Runway 06/24 - 2987meter/9000feet - Asfalt
Runway 11/29 - 2000meter/6000feet - Asfalt
Twenthe Air Base station crest.
Enschede Airport Twente (Dutch: vliegveld Twenthe, also known as vliegbasis Twenthe or Twenthe Air Base, ICAO: EHTW) is a former RNLAF Air Base located north of Enschede, a municipality in the Twente region in Overijssel.
It is intended to become a civil airport, but it used to be a military air base and until it is opened in its new role, the airfield is closed to non-local (flying club) traffic.
Opened on 29 August 1931 as Airport Twente (Dutch: "Vliegveld Twente"), the airport had a daily KLM service to Amsterdam from 1932 until the mobilisation of 1939. Just before the outbreak of World War-II in the Netherlands the Government ordered the fields to be ploughed, so it would be of no use in case of an invasion.
Twente airfield in 1934 seen from the west with the white circle depicting the name of the airfield and the station building and control tower in the foreground (NIMH)
When the Germans finally invaded Holland in May 1940, all buildings were blown up by the military. German occupied the field and turned it into a Fliegerhorst, greatly expanding the airport in the process. The Germans also built a third runway (16/34 - 2000meter - brick) but after the war it was converted into a taxiway, and it is commonly known as the German Track (Dutch: Duitse Baan). At the end of the war the badly damaged airfield was captured by the British army. The British designated the airfield B-106 Twente and yet later RAF Twente.
Royal Air Force: 2nd Tactical Air Force, 1943-1945 © IWM (CL 2423).
Oblique aerial photograph of the airfield at B-106/Twente, three days after being captured by Allied forces, showing the bomb-damaged intersection of the main runways as a result of Allied air attacks. Despite the damage, Supermarine Spitfires of No. 125 Wing occupied the airfield on 7 April 1945 and became fully operational, flying off the grass strip.
An abandoned Me-110 nightfighter at RAF Twente in 1946.
Spitfires in front of Hangar 2, 1947
Brand new Royal Netherlands Air Force Gloster Meteor F.4s at Twente in 1948
Twenthe control tower 1948
When the British transferred authority back to the Dutch Government, a notary accidentally added the letter H to the name of Twente (probably confused by the name of the province Drenthe) and the airfield was thus further known as Twenthe. Twenthe became the base for the Jet Flying School of the RNLAF which developed into 313Sqn, flying (R)T-33s. between 1956 and 1962 Twenthe was the base of three AWX squadrons operating the F-86K AWX fighter. The three AWX squadrons were represented in the station crest of the base by the three heads of the Hellhound. 313Sqn was disbanded in 1959, only to return in 1972 on the Northrop/Canadair NF-5A, a developed version of the F-5A. During the 1960s Twenthe operated the Fokker S14 Machtrainer.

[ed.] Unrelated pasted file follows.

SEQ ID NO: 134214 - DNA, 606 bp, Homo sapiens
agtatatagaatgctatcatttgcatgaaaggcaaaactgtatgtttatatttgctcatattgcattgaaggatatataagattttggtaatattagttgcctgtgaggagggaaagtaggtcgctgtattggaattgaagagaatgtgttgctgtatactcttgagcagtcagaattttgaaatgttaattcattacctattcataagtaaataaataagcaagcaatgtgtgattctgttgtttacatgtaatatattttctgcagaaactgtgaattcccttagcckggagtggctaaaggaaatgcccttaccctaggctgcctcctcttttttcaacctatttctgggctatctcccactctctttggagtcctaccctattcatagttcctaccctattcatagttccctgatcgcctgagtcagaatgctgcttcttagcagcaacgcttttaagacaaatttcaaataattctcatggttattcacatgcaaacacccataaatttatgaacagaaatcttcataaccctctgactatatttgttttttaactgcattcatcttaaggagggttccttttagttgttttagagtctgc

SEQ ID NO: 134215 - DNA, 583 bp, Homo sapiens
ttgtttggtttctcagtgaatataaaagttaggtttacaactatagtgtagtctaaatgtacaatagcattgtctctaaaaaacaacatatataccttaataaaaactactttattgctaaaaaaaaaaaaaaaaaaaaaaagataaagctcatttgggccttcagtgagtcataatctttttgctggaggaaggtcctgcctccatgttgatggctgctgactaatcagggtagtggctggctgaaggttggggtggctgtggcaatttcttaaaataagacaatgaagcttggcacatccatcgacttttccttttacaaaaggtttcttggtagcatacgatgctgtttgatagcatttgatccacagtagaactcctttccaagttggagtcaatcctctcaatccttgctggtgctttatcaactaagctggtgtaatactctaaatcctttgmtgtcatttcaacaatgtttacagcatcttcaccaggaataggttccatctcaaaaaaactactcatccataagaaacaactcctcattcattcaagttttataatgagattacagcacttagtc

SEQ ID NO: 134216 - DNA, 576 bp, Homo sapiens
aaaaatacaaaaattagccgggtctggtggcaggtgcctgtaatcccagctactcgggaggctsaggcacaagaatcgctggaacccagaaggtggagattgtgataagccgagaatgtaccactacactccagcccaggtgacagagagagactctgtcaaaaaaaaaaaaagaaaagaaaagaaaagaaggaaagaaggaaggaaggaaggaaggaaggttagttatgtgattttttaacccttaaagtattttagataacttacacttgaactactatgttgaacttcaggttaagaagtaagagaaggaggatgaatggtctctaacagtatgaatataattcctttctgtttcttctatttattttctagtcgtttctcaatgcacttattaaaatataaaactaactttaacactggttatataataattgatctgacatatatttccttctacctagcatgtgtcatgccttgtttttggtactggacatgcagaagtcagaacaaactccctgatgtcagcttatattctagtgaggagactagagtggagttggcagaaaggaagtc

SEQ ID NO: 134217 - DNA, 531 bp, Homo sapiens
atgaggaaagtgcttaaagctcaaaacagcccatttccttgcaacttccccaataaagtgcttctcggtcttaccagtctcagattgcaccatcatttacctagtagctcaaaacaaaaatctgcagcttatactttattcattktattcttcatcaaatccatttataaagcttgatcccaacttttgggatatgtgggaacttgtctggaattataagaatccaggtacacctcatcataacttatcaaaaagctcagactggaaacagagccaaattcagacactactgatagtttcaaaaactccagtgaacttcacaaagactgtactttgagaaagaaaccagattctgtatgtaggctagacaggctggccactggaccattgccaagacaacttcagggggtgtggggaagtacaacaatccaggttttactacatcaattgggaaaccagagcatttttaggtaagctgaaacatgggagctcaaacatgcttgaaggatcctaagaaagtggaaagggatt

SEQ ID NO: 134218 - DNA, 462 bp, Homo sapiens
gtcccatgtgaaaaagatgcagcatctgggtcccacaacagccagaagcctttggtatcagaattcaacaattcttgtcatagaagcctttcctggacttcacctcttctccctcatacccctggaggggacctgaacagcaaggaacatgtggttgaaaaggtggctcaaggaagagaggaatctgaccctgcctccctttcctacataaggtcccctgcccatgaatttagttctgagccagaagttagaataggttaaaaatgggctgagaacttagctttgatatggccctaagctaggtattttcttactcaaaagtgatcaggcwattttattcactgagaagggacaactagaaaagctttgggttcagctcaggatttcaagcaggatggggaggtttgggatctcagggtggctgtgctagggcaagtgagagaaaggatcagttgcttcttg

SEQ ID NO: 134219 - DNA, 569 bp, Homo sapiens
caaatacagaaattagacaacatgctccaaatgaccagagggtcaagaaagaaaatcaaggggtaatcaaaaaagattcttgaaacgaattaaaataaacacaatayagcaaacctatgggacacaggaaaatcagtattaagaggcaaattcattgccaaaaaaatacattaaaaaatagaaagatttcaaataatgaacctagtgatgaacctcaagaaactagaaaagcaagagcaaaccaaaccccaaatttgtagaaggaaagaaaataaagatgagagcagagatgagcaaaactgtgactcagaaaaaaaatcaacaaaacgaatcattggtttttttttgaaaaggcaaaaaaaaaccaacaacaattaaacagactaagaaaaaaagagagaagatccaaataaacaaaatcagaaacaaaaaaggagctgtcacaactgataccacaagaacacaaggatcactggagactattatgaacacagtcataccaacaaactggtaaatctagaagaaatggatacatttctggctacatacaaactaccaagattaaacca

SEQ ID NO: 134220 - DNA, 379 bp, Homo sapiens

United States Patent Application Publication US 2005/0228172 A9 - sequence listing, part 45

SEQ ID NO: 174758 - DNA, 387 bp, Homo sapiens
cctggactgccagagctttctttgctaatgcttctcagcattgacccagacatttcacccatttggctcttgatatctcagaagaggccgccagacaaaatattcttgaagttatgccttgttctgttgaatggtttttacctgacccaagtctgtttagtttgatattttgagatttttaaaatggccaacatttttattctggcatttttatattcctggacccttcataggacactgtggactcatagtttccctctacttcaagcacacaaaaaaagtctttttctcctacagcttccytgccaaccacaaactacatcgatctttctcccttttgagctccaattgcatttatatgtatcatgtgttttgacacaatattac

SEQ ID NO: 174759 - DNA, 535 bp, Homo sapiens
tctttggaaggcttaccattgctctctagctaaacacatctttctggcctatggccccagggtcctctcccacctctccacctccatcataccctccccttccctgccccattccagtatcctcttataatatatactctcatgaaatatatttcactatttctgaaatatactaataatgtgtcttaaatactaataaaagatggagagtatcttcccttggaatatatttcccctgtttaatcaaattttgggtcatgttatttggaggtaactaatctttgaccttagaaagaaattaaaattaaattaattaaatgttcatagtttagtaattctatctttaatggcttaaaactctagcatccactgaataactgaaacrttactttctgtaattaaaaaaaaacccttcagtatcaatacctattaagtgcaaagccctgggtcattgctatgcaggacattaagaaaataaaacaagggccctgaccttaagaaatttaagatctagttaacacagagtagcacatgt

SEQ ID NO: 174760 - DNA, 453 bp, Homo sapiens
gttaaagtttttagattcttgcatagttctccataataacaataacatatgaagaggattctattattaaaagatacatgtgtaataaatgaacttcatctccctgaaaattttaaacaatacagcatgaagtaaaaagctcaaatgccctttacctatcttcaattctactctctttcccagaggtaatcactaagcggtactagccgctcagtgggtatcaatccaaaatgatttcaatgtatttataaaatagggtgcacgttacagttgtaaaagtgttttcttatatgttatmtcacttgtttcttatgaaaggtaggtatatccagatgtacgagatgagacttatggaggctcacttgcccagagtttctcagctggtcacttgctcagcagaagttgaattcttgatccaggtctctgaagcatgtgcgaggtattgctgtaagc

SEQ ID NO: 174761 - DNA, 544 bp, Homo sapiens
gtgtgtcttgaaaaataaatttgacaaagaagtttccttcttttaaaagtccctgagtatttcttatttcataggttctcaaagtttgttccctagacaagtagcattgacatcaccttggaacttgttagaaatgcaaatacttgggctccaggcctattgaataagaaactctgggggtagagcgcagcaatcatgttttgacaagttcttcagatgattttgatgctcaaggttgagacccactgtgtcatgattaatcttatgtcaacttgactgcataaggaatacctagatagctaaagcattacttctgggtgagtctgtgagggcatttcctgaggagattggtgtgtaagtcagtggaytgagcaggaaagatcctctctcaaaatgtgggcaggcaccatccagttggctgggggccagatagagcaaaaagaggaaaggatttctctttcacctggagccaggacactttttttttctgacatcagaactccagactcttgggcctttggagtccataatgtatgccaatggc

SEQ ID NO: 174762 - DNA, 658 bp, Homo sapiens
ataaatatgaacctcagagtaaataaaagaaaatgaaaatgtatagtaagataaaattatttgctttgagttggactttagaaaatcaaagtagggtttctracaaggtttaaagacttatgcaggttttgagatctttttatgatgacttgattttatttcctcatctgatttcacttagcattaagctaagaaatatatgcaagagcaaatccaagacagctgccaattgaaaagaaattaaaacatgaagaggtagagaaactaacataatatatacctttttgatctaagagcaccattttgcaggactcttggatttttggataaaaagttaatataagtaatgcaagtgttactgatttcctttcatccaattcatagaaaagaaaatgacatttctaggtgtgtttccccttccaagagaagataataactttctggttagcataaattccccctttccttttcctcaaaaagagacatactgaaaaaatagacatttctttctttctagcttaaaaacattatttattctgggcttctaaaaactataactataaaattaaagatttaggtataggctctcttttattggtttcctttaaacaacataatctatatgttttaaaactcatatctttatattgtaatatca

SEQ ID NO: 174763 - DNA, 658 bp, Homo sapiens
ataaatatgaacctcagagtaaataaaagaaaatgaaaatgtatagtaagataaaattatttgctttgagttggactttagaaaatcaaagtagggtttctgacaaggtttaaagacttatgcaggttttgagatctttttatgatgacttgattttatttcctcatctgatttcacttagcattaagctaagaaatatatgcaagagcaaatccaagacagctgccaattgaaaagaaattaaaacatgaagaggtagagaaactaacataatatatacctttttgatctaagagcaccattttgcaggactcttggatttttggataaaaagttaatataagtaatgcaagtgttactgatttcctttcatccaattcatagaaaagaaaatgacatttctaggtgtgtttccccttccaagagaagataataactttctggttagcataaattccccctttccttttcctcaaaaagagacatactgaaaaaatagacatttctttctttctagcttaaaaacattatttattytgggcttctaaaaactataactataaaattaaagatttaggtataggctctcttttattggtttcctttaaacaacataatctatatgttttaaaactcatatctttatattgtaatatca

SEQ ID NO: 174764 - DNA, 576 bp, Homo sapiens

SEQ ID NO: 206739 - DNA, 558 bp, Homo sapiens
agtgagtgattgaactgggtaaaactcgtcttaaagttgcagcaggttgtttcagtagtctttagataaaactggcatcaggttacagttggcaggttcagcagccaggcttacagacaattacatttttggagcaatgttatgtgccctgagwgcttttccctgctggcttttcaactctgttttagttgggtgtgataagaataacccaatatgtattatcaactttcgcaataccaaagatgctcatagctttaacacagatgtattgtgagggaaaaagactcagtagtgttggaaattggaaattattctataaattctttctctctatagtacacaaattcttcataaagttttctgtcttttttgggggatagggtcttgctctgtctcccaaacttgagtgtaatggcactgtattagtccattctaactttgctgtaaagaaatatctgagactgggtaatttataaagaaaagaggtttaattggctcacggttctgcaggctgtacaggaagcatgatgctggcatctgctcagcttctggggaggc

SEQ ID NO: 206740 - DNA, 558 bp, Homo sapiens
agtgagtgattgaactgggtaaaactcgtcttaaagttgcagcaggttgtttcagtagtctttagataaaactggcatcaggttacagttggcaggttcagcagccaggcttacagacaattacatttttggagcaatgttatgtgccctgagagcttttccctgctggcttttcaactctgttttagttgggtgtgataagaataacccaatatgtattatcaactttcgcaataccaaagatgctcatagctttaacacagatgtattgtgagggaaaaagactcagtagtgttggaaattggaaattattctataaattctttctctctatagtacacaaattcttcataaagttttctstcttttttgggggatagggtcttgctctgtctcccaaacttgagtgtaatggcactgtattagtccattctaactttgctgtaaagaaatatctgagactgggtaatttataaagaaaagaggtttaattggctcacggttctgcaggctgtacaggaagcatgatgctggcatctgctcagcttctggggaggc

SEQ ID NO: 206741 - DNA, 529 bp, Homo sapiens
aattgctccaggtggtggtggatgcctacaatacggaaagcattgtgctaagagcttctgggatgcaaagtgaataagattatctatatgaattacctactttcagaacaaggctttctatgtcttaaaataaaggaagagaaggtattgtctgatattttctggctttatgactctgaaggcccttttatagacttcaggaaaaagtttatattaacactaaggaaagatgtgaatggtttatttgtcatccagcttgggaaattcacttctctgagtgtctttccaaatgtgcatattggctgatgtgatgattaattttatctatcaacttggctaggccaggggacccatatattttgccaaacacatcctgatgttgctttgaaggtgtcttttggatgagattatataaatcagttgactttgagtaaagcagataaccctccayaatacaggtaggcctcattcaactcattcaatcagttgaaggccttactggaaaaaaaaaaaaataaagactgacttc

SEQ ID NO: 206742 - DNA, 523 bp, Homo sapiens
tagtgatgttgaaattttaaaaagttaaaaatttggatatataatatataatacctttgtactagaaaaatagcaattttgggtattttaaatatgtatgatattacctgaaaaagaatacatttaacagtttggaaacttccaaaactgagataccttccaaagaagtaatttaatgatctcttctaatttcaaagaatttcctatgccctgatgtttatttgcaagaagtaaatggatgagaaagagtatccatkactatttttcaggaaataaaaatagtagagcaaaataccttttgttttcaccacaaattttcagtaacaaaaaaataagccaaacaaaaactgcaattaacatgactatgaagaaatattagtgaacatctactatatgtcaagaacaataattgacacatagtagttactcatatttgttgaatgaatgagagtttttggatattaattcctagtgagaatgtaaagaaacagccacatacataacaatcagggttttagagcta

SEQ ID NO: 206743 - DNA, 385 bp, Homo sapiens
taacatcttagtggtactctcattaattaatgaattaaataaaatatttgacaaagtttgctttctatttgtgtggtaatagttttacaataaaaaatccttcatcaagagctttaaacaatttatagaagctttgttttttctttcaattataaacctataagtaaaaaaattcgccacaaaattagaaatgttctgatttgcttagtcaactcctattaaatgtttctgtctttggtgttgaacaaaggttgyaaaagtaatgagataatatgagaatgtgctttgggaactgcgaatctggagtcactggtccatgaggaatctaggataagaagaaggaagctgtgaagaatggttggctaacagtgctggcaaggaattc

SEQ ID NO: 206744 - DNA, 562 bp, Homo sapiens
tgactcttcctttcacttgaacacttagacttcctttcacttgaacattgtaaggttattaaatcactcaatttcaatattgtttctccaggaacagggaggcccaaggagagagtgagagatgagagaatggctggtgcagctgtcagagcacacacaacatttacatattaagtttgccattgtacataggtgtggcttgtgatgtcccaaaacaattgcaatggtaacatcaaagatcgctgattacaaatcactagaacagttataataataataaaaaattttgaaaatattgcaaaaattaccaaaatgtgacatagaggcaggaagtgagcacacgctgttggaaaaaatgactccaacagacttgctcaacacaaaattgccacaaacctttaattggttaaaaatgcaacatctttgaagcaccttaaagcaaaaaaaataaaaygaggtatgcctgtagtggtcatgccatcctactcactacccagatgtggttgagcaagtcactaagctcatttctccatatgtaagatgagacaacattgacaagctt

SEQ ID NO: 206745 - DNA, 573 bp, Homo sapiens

Around this time, scheduled civilian air traffic is known to have taken place fom the airfield.
From December 1962, Twenthe was the home base for 306 Sqn and the conversion flight for Dutch F-104G Starfighter pilots. In 1967, 306Sqn hosted the Royal Flush photo reconnaissance exercise.
1967 map from the visitor booklet that was made by the base for visitors of the 1967 Royal Flush exercise. Back then, the base didn't have two, but three runways, the third being 16/34!
A Caravelle of Transavia and a Fokker F.27 of NLM at the civilian platform of Twenthe, ca. 1970 (Beeldbank NIMH).
Twenthe Air Base as depicted on a 1982 Soviet military map (high resolution version at atlassen.info)
In 1988 313Sqn and it's sister squadron 315Sqn converted to the F-16. 315Sqn was disbanded in 2004, and 313Sqn left Twenthe for Volkel Air Base the following year. Until June 2007 the Air Base was used for maintenance and repair of F-16s. In December of that same year, ownershi9p of the Air Base was transferred to the Treasury, ending 68 years of military presence.
In spite of the fact that Air Base Twenthe was already in the process of closing, Google was told by the Dutch MoD to censor the imagery of the airfield in Google Earth and Google Maps in 2005 (Google Earth).
Currently there are no scheduled flights from the airport and no flights are allowed without prior permission. Up until the end of 2007, charter airline Transavia operated from the airport, but they have had to stop this service. Some of the destinations served by charters from Twente were Las Palmas, Dalaman, Antalya, Mallorca, and Lourdes. In the past, KLM Cityhopper operated shuttle flights twice daily to Amsterdam Schiphol Airport.
At this moment only recreational activity takes place at Twente. The Twentsche Zweefvlieg Club (glider club) and the Twentsche Radio Modelvlieg Club (radio controlled model aircraft club) use the field. The Twentsche Zweefvlieg Club is the oldest, still existing, user at the airport, having used Twente as their homebase for over seventy years.
In November 2008 the Dutch government expressed their intention to keep the airport open and confirmed that negotiations were under way with possible operators of the airport. In July 2009 the decision was made that Enschede would be turned into a compact civilian airport with a capacity of up to 1.2 million passengers per year. In December 2012 it was announced that attempts to sell the airfield had failed, so it still could not be reopened. A court decision that the airfield would loose its status as an airfield in November 2013 was overturned. The airfield reopened briefly for General Aviation in 2014, but it legally remained a military airfield until February 2017.
Former Air Base Twenthe, taken from Bing.com.
Treshold of runway 05 (Twentes runways were renumbered 05/23 from 06/24) and the former runway 11/29 clearly marked with a large yellow X in 2013 (Twente airclub)